Poor job market motivates many to earn their high school equivalency certificate.
Ann Hermes/The Christian Science Monitor
The students in this small classroom dropped out of high school after hanging with the wrong crowd or struggling to focus. Many simply failed to see the value of an education.
Now, these teens with responsibilities beyond their years gather five mornings a week as they prepare to take the GED (General Educational Development) tests, which most colleges and employers accept in place of a high school diploma.
More 16- to 21-year-olds are finding their way to this classroom – home base for the Out of School Youth Development Center at Middlesex Community College in Lowell, Mass. And throughout the United States, particularly in areas hit hard by layoffs, GED classes for all ages are filling up fast.
The down economy is a key reason for the surge. The national unemployment rate for 16- to 19-year-olds in April was 21.5 percent, up from 15 percent a year before, according to the US Bureau of Labor Statistics.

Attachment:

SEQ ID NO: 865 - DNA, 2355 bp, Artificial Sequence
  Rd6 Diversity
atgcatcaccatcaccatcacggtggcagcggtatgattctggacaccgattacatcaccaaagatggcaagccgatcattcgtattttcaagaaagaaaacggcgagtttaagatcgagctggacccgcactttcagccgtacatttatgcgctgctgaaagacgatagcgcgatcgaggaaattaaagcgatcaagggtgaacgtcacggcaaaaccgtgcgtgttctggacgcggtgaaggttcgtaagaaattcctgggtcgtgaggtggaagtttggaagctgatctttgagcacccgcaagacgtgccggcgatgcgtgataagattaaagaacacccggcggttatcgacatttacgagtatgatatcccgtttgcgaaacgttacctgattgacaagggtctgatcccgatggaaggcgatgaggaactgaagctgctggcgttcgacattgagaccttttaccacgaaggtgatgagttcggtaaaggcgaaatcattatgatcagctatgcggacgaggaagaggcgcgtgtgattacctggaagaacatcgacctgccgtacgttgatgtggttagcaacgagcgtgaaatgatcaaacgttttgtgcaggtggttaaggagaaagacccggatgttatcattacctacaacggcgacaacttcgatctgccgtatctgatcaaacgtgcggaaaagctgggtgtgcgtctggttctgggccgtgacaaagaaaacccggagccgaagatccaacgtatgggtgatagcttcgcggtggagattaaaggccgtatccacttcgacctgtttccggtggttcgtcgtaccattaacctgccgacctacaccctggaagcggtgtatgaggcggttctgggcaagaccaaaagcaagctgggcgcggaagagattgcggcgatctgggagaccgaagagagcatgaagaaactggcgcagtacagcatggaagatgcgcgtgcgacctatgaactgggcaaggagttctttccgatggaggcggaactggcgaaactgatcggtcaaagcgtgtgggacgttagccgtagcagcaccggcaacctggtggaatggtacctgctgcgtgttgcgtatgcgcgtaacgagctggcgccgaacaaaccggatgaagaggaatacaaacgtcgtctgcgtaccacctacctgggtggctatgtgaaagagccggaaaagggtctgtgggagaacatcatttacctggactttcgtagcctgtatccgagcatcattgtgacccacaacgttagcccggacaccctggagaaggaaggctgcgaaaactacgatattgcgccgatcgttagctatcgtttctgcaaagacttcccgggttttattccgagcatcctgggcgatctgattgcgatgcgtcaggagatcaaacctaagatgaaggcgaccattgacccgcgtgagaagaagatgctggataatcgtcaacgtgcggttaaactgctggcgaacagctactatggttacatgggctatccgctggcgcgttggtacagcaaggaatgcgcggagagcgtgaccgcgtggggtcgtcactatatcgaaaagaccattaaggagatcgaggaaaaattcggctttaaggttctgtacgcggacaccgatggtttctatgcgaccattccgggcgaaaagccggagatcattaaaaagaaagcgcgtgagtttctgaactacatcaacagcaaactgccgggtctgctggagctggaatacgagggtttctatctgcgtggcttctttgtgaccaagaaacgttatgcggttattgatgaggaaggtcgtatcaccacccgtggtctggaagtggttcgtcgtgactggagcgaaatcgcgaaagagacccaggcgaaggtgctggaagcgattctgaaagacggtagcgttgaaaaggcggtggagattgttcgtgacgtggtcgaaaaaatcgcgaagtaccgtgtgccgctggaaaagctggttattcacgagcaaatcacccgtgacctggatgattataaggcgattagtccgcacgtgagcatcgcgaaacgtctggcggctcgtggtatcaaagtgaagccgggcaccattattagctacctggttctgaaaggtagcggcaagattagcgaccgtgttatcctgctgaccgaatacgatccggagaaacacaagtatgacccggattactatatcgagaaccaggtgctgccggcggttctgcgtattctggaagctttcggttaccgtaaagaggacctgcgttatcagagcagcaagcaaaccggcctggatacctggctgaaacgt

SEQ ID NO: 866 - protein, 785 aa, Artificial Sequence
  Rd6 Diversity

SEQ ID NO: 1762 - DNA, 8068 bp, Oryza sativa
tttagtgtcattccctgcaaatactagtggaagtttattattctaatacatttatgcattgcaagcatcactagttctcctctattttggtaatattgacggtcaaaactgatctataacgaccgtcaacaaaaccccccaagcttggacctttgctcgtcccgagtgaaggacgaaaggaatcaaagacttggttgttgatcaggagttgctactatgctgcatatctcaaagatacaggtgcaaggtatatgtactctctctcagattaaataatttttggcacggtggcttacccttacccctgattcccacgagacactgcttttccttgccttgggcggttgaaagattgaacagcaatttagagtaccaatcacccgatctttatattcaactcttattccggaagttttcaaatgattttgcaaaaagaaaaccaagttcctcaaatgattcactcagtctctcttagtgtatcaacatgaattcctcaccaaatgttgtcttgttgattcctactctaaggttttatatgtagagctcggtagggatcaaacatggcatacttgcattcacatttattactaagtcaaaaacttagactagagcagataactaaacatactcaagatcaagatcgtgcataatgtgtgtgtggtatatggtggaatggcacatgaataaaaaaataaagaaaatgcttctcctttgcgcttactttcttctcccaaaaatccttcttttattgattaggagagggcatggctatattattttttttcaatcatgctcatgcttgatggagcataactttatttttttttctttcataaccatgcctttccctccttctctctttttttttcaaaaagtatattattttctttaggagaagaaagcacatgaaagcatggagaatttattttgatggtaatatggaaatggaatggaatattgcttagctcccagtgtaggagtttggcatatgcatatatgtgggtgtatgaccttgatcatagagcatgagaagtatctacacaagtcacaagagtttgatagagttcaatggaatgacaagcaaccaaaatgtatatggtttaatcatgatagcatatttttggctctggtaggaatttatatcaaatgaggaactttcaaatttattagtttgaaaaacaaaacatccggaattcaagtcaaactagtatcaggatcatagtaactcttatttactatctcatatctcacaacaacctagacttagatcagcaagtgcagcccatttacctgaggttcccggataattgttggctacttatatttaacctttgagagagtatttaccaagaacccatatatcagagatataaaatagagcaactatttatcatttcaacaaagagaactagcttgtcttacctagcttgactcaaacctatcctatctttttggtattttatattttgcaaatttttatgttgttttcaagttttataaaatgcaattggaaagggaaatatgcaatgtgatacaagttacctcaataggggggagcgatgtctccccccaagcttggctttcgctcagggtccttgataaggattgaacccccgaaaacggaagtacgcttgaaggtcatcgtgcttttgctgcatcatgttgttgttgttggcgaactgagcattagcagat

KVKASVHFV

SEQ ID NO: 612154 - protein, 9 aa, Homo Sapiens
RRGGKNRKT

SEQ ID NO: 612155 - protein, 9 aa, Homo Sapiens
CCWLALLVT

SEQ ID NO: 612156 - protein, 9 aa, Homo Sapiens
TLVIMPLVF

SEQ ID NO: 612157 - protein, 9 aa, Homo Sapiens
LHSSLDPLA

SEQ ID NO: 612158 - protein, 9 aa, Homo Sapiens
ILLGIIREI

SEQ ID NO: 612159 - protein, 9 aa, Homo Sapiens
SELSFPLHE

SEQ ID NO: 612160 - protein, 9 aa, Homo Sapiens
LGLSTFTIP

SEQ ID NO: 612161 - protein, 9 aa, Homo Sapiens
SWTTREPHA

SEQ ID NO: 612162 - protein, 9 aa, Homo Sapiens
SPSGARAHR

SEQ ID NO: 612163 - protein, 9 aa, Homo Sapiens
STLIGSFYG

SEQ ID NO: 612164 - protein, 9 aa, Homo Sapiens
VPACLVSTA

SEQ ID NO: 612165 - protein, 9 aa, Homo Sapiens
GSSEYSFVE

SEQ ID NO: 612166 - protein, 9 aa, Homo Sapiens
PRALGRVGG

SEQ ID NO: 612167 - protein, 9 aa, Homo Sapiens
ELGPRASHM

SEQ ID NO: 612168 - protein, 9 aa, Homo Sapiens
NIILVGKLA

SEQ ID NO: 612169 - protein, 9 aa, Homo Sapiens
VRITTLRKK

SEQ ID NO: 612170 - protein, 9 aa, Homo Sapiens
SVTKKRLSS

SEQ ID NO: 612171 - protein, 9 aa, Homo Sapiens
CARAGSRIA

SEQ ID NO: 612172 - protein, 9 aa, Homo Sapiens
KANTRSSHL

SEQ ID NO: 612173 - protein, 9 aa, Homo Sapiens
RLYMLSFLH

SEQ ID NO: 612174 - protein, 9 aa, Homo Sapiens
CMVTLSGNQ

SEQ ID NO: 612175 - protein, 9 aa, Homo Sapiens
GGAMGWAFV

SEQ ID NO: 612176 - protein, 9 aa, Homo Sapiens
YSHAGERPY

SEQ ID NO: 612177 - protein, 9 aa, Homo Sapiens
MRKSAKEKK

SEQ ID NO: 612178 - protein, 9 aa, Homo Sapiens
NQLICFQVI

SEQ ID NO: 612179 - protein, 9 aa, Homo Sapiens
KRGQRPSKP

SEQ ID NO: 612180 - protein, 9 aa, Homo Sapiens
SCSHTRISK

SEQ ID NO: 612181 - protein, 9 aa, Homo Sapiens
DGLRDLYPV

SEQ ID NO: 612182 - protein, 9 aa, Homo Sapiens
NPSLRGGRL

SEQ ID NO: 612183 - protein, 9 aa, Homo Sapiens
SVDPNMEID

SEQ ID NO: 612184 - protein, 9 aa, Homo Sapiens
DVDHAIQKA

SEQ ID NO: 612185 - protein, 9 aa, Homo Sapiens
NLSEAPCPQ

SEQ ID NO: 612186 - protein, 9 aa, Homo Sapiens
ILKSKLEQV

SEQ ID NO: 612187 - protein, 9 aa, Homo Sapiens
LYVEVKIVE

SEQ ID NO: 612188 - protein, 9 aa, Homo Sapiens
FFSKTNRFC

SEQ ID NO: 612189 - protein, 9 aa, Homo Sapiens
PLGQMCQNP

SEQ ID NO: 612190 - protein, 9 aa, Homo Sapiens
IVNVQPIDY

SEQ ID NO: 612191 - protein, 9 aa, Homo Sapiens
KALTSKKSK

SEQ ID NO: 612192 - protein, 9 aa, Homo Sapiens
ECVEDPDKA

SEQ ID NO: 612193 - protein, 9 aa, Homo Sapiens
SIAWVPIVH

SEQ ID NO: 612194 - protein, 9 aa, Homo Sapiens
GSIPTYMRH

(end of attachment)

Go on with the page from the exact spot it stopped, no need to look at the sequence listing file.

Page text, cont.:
As teens face competition from adults for even basic grocery-store jobs, it's easier for them to see how essential a high school credential is to their future employment.
"Before I went into the GED program, I was looking for a job. And wherever I went, there were no openings," says Monica Fontanez, a student at the Lowell center who dropped out of high school twice and has worked on and off in low-paying jobs. She hopes to finish the tests before her baby arrives. "I wanted to better my life not only for me but for my child," she says.